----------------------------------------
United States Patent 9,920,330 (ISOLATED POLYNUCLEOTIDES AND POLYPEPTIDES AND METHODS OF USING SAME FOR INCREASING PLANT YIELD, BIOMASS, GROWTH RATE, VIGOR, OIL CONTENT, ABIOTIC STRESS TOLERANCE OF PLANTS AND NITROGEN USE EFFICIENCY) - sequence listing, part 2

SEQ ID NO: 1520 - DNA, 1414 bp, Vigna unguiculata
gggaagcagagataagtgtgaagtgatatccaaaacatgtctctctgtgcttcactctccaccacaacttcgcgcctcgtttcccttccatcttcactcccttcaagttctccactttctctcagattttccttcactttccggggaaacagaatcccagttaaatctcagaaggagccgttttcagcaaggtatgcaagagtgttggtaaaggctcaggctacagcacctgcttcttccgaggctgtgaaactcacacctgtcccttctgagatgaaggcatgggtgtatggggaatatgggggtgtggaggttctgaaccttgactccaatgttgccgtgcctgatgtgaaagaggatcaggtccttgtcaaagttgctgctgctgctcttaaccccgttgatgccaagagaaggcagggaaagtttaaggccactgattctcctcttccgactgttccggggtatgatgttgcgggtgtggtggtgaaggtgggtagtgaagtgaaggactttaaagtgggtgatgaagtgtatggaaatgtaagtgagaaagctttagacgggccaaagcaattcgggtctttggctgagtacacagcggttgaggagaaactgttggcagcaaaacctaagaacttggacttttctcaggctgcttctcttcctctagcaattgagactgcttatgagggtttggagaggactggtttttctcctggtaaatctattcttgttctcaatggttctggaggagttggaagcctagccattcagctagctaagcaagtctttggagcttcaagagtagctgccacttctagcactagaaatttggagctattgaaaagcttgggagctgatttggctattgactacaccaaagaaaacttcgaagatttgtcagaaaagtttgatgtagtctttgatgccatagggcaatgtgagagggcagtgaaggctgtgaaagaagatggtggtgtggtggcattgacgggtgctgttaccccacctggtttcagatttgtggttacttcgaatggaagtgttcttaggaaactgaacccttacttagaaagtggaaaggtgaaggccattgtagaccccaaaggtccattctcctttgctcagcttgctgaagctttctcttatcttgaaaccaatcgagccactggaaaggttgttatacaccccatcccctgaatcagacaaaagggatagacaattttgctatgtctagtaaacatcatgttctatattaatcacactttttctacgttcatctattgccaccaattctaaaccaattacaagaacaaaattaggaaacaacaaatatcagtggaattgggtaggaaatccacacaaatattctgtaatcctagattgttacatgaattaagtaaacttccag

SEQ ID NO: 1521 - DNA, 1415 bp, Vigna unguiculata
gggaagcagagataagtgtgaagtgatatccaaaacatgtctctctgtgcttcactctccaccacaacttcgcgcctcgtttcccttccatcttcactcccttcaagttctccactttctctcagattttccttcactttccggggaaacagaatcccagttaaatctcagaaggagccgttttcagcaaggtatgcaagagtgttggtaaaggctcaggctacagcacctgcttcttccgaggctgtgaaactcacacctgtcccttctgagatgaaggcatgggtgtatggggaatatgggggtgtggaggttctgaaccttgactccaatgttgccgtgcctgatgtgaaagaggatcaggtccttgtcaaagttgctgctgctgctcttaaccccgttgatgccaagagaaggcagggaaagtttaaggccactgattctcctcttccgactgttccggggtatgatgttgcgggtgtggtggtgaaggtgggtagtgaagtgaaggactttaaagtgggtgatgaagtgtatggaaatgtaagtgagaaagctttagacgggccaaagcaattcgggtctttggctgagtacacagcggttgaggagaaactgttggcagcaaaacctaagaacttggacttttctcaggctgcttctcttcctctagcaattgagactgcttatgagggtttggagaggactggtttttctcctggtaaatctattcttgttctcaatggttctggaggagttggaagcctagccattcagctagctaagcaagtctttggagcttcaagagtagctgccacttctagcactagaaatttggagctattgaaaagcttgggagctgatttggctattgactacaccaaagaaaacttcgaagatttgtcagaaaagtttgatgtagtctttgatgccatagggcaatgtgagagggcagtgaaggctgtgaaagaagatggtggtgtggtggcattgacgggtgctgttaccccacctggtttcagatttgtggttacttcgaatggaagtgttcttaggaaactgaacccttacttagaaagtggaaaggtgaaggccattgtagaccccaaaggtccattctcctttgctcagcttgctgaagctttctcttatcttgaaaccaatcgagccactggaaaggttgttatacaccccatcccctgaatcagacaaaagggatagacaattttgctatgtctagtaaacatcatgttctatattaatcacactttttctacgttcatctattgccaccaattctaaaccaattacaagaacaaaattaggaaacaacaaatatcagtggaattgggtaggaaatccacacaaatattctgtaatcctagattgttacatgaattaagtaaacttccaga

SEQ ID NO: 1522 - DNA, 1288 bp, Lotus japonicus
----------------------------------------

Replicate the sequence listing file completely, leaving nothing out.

United States Patent 9,920,330 (ISOLATED POLYNUCLEOTIDES AND POLYPEPTIDES AND METHODS OF USING SAME FOR INCREASING PLANT YIELD, BIOMASS, GROWTH RATE, VIGOR, OIL CONTENT, ABIOTIC STRESS TOLERANCE OF PLANTS AND NITROGEN USE EFFICIENCY) - sequence listing, part 2

SEQ ID NO: 1520 - DNA, 1414 bp, Vigna unguiculata
gggaagcagagataagtgtgaagtgatatccaaaacatgtctctctgtgcttcactctccaccacaacttcgcgcctcgtttcccttccatcttcactcccttcaagttctccactttctctcagattttccttcactttccggggaaacagaatcccagttaaatctcagaaggagccgttttcagcaaggtatgcaagagtgttggtaaaggctcaggctacagcacctgcttcttccgaggctgtgaaactcacacctgtcccttctgagatgaaggcatgggtgtatggggaatatgggggtgtggaggttctgaaccttgactccaatgttgccgtgcctgatgtgaaagaggatcaggtccttgtcaaagttgctgctgctgctcttaaccccgttgatgccaagagaaggcagggaaagtttaaggccactgattctcctcttccgactgttccggggtatgatgttgcgggtgtggtggtgaaggtgggtagtgaagtgaaggactttaaagtgggtgatgaagtgtatggaaatgtaagtgagaaagctttagacgggccaaagcaattcgggtctttggctgagtacacagcggttgaggagaaactgttggcagcaaaacctaagaacttggacttttctcaggctgcttctcttcctctagcaattgagactgcttatgagggtttggagaggactggtttttctcctggtaaatctattcttgttctcaatggttctggaggagttggaagcctagccattcagctagctaagcaagtctttggagcttcaagagtagctgccacttctagcactagaaatttggagctattgaaaagcttgggagctgatttggctattgactacaccaaagaaaacttcgaagatttgtcagaaaagtttgatgtagtctttgatgccatagggcaatgtgagagggcagtgaaggctgtgaaagaagatggtggtgtggtggcattgacgggtgctgttaccccacctggtttcagatttgtggttacttcgaatggaagtgttcttaggaaactgaacccttacttagaaagtggaaaggtgaaggccattgtagaccccaaaggtccattctcctttgctcagcttgctgaagctttctcttatcttgaaaccaatcgagccactggaaaggttgttatacaccccatcccctgaatcagacaaaagggatagacaattttgctatgtctagtaaacatcatgttctatattaatcacactttttctacgttcatctattgccaccaattctaaaccaattacaagaacaaaattaggaaacaacaaatatcagtggaattgggtaggaaatccacacaaatattctgtaatcctagattgttacatgaattaagtaaacttccag

SEQ ID NO: 1521 - DNA, 1415 bp, Vigna unguiculata
gggaagcagagataagtgtgaagtgatatccaaaacatgtctctctgtgcttcactctccaccacaacttcgcgcctcgtttcccttccatcttcactcccttcaagttctccactttctctcagattttccttcactttccggggaaacagaatcccagttaaatctcagaaggagccgttttcagcaaggtatgcaagagtgttggtaaaggctcaggctacagcacctgcttcttccgaggctgtgaaactcacacctgtcccttctgagatgaaggcatgggtgtatggggaatatgggggtgtggaggttctgaaccttgactccaatgttgccgtgcctgatgtgaaagaggatcaggtccttgtcaaagttgctgctgctgctcttaaccccgttgatgccaagagaaggcagggaaagtttaaggccactgattctcctcttccgactgttccggggtatgatgttgcgggtgtggtggtgaaggtgggtagtgaagtgaaggactttaaagtgggtgatgaagtgtatggaaatgtaagtgagaaagctttagacgggccaaagcaattcgggtctttggctgagtacacagcggttgaggagaaactgttggcagcaaaacctaagaacttggacttttctcaggctgcttctcttcctctagcaattgagactgcttatgagggtttggagaggactggtttttctcctggtaaatctattcttgttctcaatggttctggaggagttggaagcctagccattcagctagctaagcaagtctttggagcttcaagagtagctgccacttctagcactagaaatttggagctattgaaaagcttgggagctgatttggctattgactacaccaaagaaaacttcgaagatttgtcagaaaagtttgatgtagtctttgatgccatagggcaatgtgagagggcagtgaaggctgtgaaagaagatggtggtgtggtggcattgacgggtgctgttaccccacctggtttcagatttgtggttacttcgaatggaagtgttcttaggaaactgaacccttacttagaaagtggaaaggtgaaggccattgtagaccccaaaggtccattctcctttgctcagcttgctgaagctttctcttatcttgaaaccaatcgagccactggaaaggttgttatacaccccatcccctgaatcagacaaaagggatagacaattttgctatgtctagtaaacatcatgttctatattaatcacactttttctacgttcatctattgccaccaattctaaaccaattacaagaacaaaattaggaaacaacaaatatcagtggaattgggtaggaaatccacacaaatattctgtaatcctagattgttacatgaattaagtaaacttccaga

SEQ ID NO: 1522 - DNA, 1288 bp, Lotus japonicus